Making Library School’s Dirty Little Secret Work for You

by Ruth Kitchin Tillman, former Head Editor, INALJ Maryland
previously published 11/13/13

Making Library School’s Dirty Little Secret Work for You 

ruthkitchentillmanAs I finish my final semester of library school and talk to others new to the profession, I realize that library school is hiding a dirty little secret: It’ll teach you a little about a lot of things.

While a few teachers have taught brilliantly-iterative classes, like Arrangement and Description’s slow-build to create a finding aid, most classes are basically surveys. Last year, I ranted to my boss that I didn’t feel like I was really learning anything in library school. But then I back-pedaled because what I’m learning is that things exist. And I’ve been using that knowledge, since the beginning of my program, to teach myself things that make me feel like I’ll actually deserve the title of “Master” in December.

So, how do you make this work for you? How do graduate knowing more than just a little about a lot?

Use the survey courses to find what really interests you.

In my Organization of Information class, way back in fall of 2011, our teacher spent part of a class talking about EAD and mentioned that there was a tool called Archivists’ Toolkit which would allow you to create it. That’s it. That’s all I’ve gotten about AT in my entire time here (although I’m told that in my 5th-week-from-the-end-of-library-school I may be seeing it actually used in class tonight). This piqued my interest as I realized that it sounded like a useful tool for my future career.

Find a partner or a team.

Several other archives students in the class met up that night and agreed that we wanted to learn more about it. We decided to work together on a class project to teach ourselves the very basics of how it worked. By working on it together, we were able to help each other out when team members ran into issues.

Enlist help from the field.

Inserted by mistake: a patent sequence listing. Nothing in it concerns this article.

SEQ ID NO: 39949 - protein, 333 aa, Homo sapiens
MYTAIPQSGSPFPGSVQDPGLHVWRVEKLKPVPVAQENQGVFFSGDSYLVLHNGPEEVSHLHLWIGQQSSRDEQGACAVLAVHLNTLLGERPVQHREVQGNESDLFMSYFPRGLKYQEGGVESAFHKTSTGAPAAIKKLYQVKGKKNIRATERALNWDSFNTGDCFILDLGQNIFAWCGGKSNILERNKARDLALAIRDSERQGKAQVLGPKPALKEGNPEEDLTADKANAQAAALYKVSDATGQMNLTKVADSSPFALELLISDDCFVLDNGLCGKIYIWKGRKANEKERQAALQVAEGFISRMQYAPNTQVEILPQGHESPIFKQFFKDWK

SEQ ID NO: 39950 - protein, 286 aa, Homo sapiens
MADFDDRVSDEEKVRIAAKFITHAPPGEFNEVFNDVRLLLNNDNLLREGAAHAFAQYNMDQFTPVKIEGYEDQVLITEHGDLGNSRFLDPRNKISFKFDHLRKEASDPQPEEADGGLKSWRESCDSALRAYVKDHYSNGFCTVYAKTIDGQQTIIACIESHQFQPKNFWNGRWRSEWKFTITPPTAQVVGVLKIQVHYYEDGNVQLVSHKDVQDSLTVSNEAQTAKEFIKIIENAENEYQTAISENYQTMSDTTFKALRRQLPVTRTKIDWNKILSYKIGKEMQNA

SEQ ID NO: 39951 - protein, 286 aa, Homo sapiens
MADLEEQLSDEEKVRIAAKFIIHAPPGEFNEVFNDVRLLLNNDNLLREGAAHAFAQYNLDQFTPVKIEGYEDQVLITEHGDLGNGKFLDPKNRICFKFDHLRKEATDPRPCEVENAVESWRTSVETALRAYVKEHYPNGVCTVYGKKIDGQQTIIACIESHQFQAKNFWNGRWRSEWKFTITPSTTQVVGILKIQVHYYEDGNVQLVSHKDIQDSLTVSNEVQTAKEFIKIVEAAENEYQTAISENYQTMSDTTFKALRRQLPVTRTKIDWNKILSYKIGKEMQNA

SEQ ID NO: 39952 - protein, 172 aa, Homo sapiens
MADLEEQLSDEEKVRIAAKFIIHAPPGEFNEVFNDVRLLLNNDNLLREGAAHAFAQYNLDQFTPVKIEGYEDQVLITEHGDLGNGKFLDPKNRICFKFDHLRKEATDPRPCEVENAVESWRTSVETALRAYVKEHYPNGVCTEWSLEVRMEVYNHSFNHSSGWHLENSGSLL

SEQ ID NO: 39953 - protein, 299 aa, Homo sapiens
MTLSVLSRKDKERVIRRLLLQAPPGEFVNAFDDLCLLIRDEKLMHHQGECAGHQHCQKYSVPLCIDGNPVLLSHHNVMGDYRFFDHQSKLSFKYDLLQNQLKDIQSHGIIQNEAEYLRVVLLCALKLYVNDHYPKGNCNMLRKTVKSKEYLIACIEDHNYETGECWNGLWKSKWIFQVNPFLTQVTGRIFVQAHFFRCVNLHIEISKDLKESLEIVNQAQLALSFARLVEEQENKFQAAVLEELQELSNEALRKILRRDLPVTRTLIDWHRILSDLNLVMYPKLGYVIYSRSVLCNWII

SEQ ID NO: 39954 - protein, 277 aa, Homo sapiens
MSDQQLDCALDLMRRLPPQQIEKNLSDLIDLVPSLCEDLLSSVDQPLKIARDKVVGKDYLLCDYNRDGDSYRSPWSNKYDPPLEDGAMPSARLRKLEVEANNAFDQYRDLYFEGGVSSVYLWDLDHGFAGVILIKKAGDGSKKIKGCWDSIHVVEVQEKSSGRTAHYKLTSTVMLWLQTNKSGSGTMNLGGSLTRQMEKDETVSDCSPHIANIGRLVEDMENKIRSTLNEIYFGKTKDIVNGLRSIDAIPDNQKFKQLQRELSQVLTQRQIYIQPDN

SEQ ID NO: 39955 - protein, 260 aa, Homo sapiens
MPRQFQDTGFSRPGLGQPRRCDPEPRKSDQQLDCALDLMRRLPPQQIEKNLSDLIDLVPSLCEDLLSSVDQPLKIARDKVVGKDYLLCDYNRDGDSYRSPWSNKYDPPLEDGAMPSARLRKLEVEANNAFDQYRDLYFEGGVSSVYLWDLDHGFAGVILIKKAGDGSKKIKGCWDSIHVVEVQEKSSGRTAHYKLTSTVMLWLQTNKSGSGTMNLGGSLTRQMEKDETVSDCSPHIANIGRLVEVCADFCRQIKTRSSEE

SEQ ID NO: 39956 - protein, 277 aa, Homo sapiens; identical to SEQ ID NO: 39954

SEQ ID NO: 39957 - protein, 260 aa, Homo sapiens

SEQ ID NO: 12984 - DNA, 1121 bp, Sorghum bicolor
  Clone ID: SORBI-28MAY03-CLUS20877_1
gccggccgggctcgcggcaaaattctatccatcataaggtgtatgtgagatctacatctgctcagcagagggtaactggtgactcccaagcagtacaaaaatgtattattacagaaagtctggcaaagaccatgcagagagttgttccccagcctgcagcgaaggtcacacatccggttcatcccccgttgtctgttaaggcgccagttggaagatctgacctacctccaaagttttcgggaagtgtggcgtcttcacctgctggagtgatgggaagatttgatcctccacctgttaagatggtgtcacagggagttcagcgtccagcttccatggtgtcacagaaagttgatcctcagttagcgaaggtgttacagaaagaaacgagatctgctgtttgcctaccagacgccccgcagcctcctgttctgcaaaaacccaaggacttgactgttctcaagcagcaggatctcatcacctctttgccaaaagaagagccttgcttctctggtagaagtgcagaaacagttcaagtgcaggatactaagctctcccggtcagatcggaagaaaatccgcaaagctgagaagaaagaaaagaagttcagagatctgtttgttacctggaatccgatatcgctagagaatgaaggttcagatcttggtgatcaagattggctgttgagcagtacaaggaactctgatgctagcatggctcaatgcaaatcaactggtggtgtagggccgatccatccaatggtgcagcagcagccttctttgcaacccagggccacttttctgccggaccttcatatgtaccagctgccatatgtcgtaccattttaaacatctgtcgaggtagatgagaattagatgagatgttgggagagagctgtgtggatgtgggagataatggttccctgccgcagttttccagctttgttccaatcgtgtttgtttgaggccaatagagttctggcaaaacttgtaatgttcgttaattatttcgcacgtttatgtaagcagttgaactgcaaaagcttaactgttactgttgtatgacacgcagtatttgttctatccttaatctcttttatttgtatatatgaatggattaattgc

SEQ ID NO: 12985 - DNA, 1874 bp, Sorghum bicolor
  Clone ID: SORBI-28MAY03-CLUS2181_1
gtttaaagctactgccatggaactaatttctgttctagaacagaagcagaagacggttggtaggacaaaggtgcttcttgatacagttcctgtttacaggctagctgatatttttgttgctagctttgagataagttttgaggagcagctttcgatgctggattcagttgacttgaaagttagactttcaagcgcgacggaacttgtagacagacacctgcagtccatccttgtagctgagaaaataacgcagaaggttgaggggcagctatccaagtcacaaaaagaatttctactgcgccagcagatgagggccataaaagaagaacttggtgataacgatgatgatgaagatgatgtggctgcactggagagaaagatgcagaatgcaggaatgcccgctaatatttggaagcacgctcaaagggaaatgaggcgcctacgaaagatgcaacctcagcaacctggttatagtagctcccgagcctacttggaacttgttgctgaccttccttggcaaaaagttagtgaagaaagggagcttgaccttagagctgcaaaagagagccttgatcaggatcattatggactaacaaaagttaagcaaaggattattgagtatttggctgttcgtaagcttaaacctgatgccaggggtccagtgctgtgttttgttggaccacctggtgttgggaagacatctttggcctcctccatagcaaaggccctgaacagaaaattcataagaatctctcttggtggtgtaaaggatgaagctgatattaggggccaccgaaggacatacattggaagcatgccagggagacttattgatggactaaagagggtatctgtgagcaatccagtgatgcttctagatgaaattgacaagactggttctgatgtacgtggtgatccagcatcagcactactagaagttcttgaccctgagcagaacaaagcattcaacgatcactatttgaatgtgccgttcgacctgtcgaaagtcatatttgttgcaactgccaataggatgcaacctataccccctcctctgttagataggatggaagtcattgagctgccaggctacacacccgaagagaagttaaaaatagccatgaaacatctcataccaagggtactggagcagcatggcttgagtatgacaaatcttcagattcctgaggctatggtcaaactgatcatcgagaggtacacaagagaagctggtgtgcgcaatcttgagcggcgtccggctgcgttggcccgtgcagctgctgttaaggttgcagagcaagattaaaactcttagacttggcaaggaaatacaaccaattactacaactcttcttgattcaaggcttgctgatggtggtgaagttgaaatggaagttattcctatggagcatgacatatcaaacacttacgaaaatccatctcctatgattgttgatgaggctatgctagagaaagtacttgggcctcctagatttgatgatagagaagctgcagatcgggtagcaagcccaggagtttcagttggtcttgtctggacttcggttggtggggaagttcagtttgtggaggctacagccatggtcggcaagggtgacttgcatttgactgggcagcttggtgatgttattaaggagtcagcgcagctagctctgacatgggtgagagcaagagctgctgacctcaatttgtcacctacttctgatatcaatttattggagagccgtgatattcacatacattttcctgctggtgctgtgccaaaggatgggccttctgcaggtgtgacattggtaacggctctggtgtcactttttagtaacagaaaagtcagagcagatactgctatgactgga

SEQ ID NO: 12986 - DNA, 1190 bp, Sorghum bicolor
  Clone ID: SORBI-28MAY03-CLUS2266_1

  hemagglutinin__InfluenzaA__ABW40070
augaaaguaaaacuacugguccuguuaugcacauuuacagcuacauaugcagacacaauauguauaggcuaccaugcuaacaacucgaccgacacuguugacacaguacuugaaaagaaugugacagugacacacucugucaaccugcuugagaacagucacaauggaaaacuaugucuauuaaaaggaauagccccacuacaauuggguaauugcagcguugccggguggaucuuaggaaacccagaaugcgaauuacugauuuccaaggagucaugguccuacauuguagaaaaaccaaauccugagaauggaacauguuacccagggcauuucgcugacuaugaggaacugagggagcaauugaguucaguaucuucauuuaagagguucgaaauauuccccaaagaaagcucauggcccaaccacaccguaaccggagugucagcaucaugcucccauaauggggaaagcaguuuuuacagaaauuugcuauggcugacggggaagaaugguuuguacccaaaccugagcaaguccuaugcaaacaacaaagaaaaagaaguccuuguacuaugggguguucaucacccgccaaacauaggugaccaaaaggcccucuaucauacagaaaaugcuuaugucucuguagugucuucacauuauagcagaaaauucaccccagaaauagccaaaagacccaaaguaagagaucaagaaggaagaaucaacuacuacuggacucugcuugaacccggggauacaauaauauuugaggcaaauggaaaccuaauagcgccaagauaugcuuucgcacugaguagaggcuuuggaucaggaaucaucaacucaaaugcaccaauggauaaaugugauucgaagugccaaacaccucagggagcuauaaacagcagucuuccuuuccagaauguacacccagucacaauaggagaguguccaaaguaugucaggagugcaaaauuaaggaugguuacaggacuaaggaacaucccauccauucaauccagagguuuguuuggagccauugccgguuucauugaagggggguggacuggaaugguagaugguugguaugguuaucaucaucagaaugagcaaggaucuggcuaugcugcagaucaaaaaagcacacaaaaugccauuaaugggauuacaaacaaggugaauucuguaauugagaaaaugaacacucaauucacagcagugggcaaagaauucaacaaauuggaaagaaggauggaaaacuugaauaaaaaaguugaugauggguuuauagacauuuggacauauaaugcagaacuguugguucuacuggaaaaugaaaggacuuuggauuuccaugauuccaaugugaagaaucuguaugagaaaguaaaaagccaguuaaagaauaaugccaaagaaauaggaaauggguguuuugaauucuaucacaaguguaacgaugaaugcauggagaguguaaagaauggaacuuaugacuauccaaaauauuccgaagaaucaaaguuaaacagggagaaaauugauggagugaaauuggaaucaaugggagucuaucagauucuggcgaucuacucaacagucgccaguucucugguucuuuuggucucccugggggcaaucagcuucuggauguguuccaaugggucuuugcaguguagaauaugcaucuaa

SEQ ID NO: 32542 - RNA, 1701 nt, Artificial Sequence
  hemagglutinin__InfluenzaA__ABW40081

We wanted to see how Archivists’ Toolkit stored data before creating our own data. So we asked a very helpful UMD metadata specialist if she’d be willing to share one of the university’s raw EAD finding aids with us. In the email, we articulated exactly what we wanted to do and why it’d be helpful to have a finding aid. We didn’t want to waste her time.

Keep going outside of class.

When you can, make class projects work for you as self-teaching opportunities. Your professor may or may not be able to help (in our case, ours had no experience with it so we were on our own), but if you work together, you can learn a great deal. But then keep going outside of class. Maybe with your partners, maybe on your own. In my case, our Archivists’ Toolkit project and comparing the EAD exports led me to create EADiva, where I replicated the Library of Congress tag library in a format easier for students to use. Not only was it a resource for others, but the project was a great opportunity for me to teach myself about EAD.

Your projects needn’t be big. If you think your reference class hasn’t taught you enough about handling patron database searches, ask your friends for random research topics and find them pertinent articles. While you’re in library school, you should have plenty of access to databases. If you’re concerned about trying to teach yourself how to use Archivists’ Toolkit, import one of the sample files on EADiva into a local sandbox installation and compare the EAD elements in the XML file with the fields in the software. Then view a repository’s public finding aid and try replicating it in Archivists’ Toolkit.

Whether you end up with a sheet of paper or a set of skills at the end of your Master’s program is pretty much up to you.

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